Let’s talk about hand technique. For the purposes of this discussion, I am going to assume that you know a few basics:
- good drum technique requires a loose grip and tension free body motions
- the “meat and potatoes” motions of American matched grip come from a wrist motion that is much like your movements when you wave to someone (we’re talking about an up and down wave, not a side-to-side one)
- a fulcrum is the part of your grip that creates a stable point of contact with the stick and a pivot point such that the stick can rotate as a lever from that axis point
A lot of people teach that the fulcrum a drummer should use is created by putting the stick between the thumb and pointer finger.
I used to hold the sticks that way. It’s what I was originally taught. But over time, I began to question that. Part of it had to do with observing drummers I like who had great technique. When I watched them, it didn’t look like they were using the fulcrum I was taught.
Eventually I checked out Dave Weckl’s “How To Develop Technique” video. It was there that I first heard (and saw) the description of using a middle finger fulcrum. It is important to note that Weckl made this important video after transforming his technique through his studies with the legendary teacher Freddy Gruber. The list of drummers who have studied with Gruber also includes Vinnie Colaiuta, Steve Smith, and Neil Peart. Let that sink in for a moment. These are arguably some of the greatest technicians of modern drumming.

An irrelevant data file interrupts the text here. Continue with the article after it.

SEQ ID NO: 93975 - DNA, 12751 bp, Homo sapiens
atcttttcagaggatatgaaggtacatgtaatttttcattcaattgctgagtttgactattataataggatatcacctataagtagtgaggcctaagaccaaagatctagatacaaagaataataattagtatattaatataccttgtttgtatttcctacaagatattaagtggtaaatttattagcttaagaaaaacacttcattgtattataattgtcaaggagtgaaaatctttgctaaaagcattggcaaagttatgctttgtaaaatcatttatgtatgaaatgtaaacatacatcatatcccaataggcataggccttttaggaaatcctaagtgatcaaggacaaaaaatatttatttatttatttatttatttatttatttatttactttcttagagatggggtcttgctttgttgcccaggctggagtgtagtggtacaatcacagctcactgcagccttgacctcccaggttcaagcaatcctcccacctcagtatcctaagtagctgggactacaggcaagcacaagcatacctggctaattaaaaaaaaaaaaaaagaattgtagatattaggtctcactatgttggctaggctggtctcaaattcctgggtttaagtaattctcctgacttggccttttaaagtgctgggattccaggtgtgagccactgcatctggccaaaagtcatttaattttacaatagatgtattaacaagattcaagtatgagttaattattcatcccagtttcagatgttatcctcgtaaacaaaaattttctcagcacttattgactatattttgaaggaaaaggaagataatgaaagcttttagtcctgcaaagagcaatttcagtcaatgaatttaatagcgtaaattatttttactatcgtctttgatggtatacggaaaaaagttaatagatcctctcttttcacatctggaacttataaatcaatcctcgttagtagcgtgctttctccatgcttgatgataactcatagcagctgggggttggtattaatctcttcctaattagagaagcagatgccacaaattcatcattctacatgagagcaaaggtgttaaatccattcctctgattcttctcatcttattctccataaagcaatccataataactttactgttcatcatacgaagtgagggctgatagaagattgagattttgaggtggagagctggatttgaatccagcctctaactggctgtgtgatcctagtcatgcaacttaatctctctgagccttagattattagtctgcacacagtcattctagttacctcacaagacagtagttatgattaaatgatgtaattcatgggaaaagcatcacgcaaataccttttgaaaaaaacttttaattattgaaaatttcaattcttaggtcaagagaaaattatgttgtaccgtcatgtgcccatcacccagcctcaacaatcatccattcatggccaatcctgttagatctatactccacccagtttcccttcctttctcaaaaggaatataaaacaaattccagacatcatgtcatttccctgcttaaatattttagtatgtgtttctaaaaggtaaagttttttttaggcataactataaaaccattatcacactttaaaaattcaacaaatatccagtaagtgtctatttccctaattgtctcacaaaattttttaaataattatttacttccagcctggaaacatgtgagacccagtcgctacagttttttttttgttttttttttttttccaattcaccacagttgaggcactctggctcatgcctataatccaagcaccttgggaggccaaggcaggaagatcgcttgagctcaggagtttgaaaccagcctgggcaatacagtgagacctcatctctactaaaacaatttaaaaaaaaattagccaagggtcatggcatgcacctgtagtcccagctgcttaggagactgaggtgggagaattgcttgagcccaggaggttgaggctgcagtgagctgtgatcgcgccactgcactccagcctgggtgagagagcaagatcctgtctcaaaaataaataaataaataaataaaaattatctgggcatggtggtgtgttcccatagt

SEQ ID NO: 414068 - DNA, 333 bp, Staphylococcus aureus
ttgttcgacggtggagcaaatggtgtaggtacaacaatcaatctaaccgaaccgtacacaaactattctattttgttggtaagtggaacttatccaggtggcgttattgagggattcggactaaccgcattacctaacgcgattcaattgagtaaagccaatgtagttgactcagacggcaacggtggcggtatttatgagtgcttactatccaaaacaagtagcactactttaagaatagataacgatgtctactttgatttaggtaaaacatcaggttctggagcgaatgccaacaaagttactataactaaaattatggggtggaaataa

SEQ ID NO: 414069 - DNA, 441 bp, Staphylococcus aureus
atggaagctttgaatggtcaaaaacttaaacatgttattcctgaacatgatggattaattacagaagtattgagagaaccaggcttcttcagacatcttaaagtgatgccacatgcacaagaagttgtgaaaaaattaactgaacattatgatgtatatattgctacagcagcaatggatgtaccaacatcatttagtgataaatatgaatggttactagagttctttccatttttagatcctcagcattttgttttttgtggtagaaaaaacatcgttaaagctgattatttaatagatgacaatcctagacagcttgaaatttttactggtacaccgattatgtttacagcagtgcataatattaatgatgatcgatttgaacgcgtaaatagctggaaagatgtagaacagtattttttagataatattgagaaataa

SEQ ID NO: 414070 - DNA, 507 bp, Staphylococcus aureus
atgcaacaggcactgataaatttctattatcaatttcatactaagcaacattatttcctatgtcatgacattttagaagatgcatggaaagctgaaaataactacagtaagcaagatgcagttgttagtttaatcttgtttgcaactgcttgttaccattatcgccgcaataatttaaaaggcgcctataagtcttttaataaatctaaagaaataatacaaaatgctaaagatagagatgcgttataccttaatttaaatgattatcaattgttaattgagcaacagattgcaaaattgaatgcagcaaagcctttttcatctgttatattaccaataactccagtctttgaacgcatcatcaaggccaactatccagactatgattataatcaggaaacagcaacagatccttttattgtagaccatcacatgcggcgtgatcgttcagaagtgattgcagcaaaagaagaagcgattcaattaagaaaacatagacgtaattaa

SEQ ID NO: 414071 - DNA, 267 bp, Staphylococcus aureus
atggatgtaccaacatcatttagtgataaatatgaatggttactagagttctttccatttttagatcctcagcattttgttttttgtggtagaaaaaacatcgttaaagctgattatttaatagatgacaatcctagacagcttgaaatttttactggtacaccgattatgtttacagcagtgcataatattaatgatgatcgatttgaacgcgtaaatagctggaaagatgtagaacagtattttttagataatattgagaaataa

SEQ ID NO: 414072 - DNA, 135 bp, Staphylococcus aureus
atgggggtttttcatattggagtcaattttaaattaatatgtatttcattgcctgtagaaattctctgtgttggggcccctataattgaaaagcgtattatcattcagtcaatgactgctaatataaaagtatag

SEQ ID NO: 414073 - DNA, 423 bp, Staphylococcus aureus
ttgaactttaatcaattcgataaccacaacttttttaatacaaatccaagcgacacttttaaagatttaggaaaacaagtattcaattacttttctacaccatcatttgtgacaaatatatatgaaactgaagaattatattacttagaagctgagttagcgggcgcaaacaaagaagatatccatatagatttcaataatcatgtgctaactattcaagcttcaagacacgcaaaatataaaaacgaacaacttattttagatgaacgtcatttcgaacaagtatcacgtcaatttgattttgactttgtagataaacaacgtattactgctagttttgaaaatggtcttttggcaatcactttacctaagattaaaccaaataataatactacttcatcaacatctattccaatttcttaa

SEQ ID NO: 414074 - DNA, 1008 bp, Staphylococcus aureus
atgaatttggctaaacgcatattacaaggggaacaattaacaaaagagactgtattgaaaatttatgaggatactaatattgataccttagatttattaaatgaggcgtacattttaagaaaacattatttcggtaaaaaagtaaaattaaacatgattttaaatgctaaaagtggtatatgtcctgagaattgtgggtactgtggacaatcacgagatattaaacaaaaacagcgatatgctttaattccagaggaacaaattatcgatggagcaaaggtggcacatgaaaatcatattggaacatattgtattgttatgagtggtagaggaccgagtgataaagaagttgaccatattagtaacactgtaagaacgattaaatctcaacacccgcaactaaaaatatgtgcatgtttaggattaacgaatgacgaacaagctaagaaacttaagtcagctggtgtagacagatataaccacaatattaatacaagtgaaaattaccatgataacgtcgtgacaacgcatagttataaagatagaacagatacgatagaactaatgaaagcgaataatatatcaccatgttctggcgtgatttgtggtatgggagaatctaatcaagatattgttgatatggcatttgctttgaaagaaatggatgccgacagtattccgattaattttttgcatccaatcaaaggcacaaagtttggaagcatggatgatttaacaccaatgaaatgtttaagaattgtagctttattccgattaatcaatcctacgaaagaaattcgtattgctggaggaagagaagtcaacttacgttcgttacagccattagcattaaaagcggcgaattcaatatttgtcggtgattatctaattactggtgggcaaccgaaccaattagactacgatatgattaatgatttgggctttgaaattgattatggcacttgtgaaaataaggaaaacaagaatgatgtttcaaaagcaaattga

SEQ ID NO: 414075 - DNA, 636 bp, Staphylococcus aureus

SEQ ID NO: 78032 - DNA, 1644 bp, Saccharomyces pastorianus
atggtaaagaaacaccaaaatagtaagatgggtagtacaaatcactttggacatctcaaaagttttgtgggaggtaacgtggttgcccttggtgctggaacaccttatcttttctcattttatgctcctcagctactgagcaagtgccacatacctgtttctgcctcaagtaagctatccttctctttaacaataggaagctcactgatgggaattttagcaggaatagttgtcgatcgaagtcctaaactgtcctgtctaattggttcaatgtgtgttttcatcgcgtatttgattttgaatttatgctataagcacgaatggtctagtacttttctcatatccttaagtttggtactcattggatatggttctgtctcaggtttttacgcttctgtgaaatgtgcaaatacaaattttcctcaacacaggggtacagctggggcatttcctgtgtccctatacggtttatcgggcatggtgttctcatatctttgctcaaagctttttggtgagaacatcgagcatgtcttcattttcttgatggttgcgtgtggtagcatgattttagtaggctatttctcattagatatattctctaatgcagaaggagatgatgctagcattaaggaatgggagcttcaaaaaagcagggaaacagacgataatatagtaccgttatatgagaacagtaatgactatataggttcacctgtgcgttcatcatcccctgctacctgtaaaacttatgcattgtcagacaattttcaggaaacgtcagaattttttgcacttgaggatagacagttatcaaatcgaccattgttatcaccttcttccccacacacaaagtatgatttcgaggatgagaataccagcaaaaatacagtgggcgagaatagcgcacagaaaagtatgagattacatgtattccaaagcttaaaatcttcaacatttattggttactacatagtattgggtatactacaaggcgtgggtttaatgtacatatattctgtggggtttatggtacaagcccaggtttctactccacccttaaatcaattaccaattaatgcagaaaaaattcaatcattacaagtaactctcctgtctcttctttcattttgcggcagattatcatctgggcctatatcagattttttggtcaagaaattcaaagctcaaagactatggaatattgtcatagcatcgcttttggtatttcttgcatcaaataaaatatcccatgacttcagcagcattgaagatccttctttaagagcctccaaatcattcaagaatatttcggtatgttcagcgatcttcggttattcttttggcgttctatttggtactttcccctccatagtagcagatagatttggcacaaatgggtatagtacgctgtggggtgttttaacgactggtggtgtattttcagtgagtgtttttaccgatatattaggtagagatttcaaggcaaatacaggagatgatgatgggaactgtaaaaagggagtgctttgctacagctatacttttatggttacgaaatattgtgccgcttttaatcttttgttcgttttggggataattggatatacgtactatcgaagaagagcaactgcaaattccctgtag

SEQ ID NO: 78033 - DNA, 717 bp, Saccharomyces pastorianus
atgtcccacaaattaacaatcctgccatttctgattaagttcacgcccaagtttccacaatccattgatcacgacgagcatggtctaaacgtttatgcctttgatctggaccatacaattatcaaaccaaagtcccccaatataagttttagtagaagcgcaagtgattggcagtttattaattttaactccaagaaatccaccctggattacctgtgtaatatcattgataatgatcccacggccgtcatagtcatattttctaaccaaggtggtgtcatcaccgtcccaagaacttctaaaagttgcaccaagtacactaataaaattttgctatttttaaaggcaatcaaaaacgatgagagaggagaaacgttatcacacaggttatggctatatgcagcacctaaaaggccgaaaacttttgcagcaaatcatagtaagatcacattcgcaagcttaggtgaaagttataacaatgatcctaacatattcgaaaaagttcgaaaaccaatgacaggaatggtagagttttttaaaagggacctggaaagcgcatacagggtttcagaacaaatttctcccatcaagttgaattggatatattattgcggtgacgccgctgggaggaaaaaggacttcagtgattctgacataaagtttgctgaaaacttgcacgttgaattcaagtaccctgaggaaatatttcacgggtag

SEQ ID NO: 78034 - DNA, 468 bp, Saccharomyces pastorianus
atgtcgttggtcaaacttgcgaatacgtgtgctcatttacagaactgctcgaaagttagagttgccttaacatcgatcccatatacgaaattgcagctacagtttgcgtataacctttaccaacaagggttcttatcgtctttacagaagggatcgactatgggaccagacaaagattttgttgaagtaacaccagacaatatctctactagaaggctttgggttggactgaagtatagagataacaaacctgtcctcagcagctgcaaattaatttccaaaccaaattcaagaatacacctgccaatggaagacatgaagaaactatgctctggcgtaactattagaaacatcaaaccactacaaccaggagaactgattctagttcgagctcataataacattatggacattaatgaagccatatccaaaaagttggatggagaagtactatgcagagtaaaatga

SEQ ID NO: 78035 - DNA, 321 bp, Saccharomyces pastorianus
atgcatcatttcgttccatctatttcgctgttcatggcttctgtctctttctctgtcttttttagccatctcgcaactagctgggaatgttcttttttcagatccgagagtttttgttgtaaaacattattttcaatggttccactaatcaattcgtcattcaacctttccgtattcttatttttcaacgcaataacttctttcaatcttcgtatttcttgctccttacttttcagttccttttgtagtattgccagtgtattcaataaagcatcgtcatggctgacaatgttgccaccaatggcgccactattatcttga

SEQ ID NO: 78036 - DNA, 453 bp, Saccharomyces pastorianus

So, based on the above, I tried the middle finger fulcrum. Guess what? It’s better, which is not a surprise.
The reasons are simple. It opens the hand up in a new way. It feels looser. The pointer finger is on top of the stick now and the fulcrum is inside the hand. This creates a see-saw between the front of the hand (the pointer finger) and the back of the hand (the ring finger and pinky). When you throw the stick down with your wrist motion, the pointer finger, now on top of the stick, is able to give you some leverage to bounce the stick. When the pointer finger is part of the fulcrum, it is unable to do this.
Having the pointer finger on top of the stick makes getting a bounce easier. It also gives me more control over the stick as it bounces. The pointer finger becomes a bit of a stabilizer while the middle finger and thumb are the “axis,” within which the stick can rotate.
I feel strongly that the middle finger fulcrum is the better way. Overall, it feels better to me. It’s looser, but with more control (seems counter-intuitive, but it’s true). I’ve shown this new fulcrum to many students and the positive difference is apparent to them immediately. Give it a try.